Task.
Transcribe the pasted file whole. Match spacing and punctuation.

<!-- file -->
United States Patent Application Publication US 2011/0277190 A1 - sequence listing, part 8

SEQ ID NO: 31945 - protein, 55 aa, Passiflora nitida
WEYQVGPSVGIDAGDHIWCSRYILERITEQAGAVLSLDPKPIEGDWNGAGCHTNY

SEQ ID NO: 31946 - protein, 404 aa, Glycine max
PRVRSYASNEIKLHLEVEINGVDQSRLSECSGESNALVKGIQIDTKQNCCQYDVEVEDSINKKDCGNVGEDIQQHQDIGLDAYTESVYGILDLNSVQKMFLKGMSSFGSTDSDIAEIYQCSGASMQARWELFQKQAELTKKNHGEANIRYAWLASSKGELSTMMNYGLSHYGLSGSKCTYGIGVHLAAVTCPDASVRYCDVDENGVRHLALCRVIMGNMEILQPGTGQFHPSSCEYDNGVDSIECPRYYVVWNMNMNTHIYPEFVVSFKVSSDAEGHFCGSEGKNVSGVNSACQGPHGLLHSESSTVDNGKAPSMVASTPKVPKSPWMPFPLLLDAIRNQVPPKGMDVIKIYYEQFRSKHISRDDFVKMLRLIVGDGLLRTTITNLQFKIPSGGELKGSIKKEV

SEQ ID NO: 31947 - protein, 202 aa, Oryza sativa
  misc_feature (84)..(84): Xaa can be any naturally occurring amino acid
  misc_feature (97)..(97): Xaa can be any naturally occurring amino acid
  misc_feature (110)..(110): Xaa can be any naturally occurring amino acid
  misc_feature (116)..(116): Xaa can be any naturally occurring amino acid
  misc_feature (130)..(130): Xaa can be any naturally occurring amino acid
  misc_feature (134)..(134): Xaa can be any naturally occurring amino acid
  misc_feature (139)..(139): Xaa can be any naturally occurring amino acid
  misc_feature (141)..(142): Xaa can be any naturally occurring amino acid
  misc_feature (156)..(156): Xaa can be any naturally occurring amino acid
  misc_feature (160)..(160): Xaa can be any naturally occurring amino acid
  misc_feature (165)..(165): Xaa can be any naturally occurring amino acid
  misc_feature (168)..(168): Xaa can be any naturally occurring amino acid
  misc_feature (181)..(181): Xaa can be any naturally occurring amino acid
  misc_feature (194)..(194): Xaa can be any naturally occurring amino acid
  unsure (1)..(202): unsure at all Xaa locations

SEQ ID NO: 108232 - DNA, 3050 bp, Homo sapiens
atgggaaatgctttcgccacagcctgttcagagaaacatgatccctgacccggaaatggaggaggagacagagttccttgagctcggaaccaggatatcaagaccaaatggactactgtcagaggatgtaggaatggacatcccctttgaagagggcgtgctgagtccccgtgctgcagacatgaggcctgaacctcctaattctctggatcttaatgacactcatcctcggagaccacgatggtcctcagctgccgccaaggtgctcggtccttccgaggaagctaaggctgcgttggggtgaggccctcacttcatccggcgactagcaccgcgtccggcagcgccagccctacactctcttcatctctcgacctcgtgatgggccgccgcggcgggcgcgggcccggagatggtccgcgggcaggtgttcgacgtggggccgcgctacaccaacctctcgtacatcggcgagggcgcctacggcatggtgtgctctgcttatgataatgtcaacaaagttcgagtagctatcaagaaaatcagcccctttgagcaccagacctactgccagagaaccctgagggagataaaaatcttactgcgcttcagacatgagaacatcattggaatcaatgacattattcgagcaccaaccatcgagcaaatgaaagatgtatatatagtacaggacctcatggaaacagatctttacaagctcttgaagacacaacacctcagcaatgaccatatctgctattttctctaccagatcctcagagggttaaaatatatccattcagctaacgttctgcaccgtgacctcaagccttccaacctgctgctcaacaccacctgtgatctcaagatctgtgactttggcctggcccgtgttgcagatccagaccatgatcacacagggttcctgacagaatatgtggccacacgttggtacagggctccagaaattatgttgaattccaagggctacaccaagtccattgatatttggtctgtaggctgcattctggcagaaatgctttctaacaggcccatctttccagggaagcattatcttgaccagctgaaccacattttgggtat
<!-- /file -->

United States Patent Application Publication US 2011/0277190 A1 - sequence listing, part 8

SEQ ID NO: 31945 - protein, 55 aa, Passiflora nitida
WEYQVGPSVGIDAGDHIWCSRYILERITEQAGAVLSLDPKPIEGDWNGAGCHTNY

SEQ ID NO: 31946 - protein, 404 aa, Glycine max
PRVRSYASNEIKLHLEVEINGVDQSRLSECSGESNALVKGIQIDTKQNCCQYDVEVEDSINKKDCGNVGEDIQQHQDIGLDAYTESVYGILDLNSVQKMFLKGMSSFGSTDSDIAEIYQCSGASMQARWELFQKQAELTKKNHGEANIRYAWLASSKGELSTMMNYGLSHYGLSGSKCTYGIGVHLAAVTCPDASVRYCDVDENGVRHLALCRVIMGNMEILQPGTGQFHPSSCEYDNGVDSIECPRYYVVWNMNMNTHIYPEFVVSFKVSSDAEGHFCGSEGKNVSGVNSACQGPHGLLHSESSTVDNGKAPSMVASTPKVPKSPWMPFPLLLDAIRNQVPPKGMDVIKIYYEQFRSKHISRDDFVKMLRLIVGDGLLRTTITNLQFKIPSGGELKGSIKKEV

SEQ ID NO: 31947 - protein, 202 aa, Oryza sativa
  misc_feature (84)..(84): Xaa can be any naturally occurring amino acid
  misc_feature (97)..(97): Xaa can be any naturally occurring amino acid
  misc_feature (110)..(110): Xaa can be any naturally occurring amino acid
  misc_feature (116)..(116): Xaa can be any naturally occurring amino acid
  misc_feature (130)..(130): Xaa can be any naturally occurring amino acid
  misc_feature (134)..(134): Xaa can be any naturally occurring amino acid
  misc_feature (139)..(139): Xaa can be any naturally occurring amino acid
  misc_feature (141)..(142): Xaa can be any naturally occurring amino acid
  misc_feature (156)..(156): Xaa can be any naturally occurring amino acid
  misc_feature (160)..(160): Xaa can be any naturally occurring amino acid
  misc_feature (165)..(165): Xaa can be any naturally occurring amino acid
  misc_feature (168)..(168): Xaa can be any naturally occurring amino acid
  misc_feature (181)..(181): Xaa can be any naturally occurring amino acid
  misc_feature (194)..(194): Xaa can be any naturally occurring amino acid
  unsure (1)..(202): unsure at all Xaa locations

SEQ ID NO: 108232 - DNA, 3050 bp, Homo sapiens
atgggaaatgctttcgccacagcctgttcagagaaacatgatccctgacccggaaatggaggaggagacagagttccttgagctcggaaccaggatatcaagaccaaatggactactgtcagaggatgtaggaatggacatcccctttgaagagggcgtgctgagtccccgtgctgcagacatgaggcctgaacctcctaattctctggatcttaatgacactcatcctcggagaccacgatggtcctcagctgccgccaaggtgctcggtccttccgaggaagctaaggctgcgttggggtgaggccctcacttcatccggcgactagcaccgcgtccggcagcgccagccctacactctcttcatctctcgacctcgtgatgggccgccgcggcgggcgcgggcccggagatggtccgcgggcaggtgttcgacgtggggccgcgctacaccaacctctcgtacatcggcgagggcgcctacggcatggtgtgctctgcttatgataatgtcaacaaagttcgagtagctatcaagaaaatcagcccctttgagcaccagacctactgccagagaaccctgagggagataaaaatcttactgcgcttcagacatgagaacatcattggaatcaatgacattattcgagcaccaaccatcgagcaaatgaaagatgtatatatagtacaggacctcatggaaacagatctttacaagctcttgaagacacaacacctcagcaatgaccatatctgctattttctctaccagatcctcagagggttaaaatatatccattcagctaacgttctgcaccgtgacctcaagccttccaacctgctgctcaacaccacctgtgatctcaagatctgtgactttggcctggcccgtgttgcagatccagaccatgatcacacagggttcctgacagaatatgtggccacacgttggtacagggctccagaaattatgttgaattccaagggctacaccaagtccattgatatttggtctgtaggctgcattctggcagaaatgctttctaacaggcccatctttccagggaagcattatcttgaccagctgaaccacattttgggtat